MP Demands Suspension of Parliament Over Fuel Hike

Kilifi South MP, Ken Chonga, wants Parliament adjourned indefinitely until lawmakers find lasting solutions to the skyrocketing fuel prices bedevilling the country. 

Speaking at the National Assembly on Tuesday, October 3, Chonga called on the legislators to halt all sessions and motions lined up for discussion to pay attention to the price hike, which increased the cost of living. 

The Orange Democratic Movement (ODM) MP acknowledged that the hike in fuel prices may be attributed to global demand and supply chain but argued that recent taxes on fuel further propelled the prices. One of the taxes he referred to was the doubling of the Value Added Tax on fuel from 8 to 16 per cent. 

“It is against this background that I seek for the adjournment of this house to discuss this matter of urgent measure of importance with a view to find a sustainable solution to the ever-increasing fuel prices,” the Kilifi South MP agitated. 

File image of fuel attendant fueling a car



Laying claims that the fuel cost doesn’t match the purchasing power of consumers, Chonga warned that consumers were struggling to make ends meet and the 40% taxation on fuel worsens the situation. 

Reports indicate that taxes in Kenya now account for 40 per cent of the cost of every litre of super petrol and diesel, compared to 14 per cent in Illinois State— the state with the highest fuel taxation in the US— and South Africa at 30 per cent. Neighbouring Ethiopia does not tax fuel.

Chonga believes that his demand will join other calls for sustainable action towards fuel hikes since the last review by the Energy and Petroleum Authority (EPRA) on Thursday, September 14.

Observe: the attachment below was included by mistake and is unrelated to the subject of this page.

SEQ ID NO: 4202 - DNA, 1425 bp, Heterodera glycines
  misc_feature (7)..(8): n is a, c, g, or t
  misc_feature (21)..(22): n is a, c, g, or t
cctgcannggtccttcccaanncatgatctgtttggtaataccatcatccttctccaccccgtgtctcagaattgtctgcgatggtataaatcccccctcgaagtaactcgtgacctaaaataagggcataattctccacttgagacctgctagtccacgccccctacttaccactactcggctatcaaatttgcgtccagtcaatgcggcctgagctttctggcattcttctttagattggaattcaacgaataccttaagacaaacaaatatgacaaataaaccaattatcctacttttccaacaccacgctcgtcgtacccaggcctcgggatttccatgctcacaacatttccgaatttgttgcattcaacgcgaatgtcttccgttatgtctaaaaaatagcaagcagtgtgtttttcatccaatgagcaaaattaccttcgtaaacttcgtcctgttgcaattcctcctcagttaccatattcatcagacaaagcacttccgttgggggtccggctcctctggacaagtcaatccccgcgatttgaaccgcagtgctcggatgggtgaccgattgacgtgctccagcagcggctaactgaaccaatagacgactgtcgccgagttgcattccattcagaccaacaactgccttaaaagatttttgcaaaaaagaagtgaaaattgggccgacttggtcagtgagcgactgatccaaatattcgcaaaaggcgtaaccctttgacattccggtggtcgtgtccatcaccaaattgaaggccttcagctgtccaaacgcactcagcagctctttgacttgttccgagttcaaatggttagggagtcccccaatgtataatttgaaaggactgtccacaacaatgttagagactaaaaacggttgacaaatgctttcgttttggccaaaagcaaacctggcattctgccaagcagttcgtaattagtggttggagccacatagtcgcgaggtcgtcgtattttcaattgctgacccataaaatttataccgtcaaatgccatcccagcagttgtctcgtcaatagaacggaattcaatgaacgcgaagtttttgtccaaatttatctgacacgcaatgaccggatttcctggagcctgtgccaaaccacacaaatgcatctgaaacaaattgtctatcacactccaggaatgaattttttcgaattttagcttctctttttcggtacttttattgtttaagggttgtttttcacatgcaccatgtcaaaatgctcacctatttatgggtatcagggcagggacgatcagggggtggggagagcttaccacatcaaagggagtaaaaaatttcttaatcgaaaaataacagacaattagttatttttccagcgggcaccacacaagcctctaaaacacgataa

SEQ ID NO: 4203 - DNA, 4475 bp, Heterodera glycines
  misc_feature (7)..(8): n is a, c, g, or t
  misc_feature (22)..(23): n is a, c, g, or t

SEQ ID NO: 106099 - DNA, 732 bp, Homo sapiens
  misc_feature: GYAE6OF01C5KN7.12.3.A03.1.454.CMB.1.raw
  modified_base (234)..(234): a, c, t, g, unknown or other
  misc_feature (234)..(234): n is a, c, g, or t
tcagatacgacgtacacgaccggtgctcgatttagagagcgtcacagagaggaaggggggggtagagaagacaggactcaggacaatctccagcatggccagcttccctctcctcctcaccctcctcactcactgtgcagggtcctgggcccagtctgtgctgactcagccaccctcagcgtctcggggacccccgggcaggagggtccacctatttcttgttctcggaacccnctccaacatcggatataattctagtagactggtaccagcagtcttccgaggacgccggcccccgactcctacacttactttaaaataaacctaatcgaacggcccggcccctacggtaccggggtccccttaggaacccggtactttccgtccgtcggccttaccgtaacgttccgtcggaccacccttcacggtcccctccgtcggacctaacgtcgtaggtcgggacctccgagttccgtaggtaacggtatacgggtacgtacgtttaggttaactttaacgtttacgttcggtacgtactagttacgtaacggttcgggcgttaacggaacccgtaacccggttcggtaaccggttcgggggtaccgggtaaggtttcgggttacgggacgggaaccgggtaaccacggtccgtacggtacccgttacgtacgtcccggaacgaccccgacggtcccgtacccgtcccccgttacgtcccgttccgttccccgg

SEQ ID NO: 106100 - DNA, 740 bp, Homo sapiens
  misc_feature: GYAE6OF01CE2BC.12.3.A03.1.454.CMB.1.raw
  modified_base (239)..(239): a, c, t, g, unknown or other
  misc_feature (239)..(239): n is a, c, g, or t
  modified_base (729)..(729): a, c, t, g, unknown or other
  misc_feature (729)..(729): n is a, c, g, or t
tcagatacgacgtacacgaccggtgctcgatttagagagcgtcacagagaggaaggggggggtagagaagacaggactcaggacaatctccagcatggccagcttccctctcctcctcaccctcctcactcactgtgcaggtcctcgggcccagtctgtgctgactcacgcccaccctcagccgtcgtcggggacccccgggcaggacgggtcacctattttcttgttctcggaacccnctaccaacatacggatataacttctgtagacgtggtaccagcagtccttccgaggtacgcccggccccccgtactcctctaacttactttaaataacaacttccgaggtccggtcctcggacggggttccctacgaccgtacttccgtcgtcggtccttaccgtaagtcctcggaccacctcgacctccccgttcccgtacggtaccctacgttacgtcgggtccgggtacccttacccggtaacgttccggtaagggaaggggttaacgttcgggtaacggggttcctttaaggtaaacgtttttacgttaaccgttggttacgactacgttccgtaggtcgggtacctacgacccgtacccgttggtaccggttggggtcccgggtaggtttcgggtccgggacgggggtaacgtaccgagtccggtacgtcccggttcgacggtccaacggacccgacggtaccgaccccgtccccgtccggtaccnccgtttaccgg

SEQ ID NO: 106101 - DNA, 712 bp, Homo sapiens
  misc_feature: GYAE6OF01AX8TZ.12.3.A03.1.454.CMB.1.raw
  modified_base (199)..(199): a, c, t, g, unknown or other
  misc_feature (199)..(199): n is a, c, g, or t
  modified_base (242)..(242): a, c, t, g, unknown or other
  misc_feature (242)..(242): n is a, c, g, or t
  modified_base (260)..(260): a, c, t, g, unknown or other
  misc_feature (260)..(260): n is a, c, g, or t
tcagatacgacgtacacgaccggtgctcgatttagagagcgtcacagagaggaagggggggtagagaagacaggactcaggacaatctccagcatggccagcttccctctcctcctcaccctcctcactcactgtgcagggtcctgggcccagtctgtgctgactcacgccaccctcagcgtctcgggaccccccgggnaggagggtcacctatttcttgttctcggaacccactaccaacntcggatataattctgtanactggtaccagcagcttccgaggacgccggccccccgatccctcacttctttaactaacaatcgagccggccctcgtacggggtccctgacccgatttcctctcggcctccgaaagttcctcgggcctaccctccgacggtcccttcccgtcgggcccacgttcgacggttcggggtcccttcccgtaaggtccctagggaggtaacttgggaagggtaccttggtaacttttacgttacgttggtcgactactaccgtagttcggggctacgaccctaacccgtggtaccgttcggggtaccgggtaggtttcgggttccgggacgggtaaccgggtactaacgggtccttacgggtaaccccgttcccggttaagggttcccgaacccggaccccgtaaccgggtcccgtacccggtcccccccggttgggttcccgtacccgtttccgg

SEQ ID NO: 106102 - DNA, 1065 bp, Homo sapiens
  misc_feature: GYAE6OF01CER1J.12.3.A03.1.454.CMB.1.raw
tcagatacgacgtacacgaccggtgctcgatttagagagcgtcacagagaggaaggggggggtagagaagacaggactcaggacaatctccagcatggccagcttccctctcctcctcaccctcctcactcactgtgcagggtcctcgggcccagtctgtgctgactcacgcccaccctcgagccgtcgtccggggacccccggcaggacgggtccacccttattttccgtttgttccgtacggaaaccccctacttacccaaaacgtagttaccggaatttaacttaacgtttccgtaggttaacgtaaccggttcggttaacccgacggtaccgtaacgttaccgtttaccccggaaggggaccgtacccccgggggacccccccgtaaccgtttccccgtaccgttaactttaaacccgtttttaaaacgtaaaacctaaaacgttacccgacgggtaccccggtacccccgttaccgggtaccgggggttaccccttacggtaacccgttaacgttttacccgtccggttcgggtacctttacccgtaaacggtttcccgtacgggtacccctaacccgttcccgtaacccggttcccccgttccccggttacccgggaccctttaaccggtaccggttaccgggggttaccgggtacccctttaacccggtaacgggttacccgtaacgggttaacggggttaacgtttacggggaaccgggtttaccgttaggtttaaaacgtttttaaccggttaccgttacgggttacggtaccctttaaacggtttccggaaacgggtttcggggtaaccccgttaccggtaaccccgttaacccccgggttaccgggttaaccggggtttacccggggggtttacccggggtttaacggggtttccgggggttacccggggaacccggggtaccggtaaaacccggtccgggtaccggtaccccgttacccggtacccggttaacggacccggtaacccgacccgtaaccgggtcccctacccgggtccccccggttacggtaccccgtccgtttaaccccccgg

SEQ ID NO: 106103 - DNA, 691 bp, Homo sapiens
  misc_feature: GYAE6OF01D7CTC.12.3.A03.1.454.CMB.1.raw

EPRA increased the cost of Super Petrol to a record high of Ksh211.64, diesel to Ksh200.99, and kerosene to ksh202.61 per litre for the period between September 15 and October 14.

The authority explained that the cost increased due to the spike in the total landing cost of petroleum products.

Prior to this review, the government cushioned Kenyans against the rising costs through subsidies from the Petroleum Development Levy. 

With the cushion, Kenyans paid Ksh194.68 for a litre of super petrol, Ksh179.67 for a litre of diesel, and Ksh179.67 for a litre of kerosene.

The fuel cost has pushed Kenyans to seek alternative fuels such as natural gas and electricity, as some abandoned their cars at home to cope with the prices. Local public transport providers also adopted electric vehicles to cut down on costs. 

Immediately after the review, MPs demanded an explanation as to why the much-hyped government-to-government oil deal President William Ruto’s administration signed with three foreign companies was yet to benefit consumers. 

MPs want the deal suspended, arguing that it had failed to cushion Kenyans, reduce the price of fuel and ensure the shilling gains against the dollar. 

An Image of a Fuel pump at a Nairobi Petrol Station on July 14, 2021.




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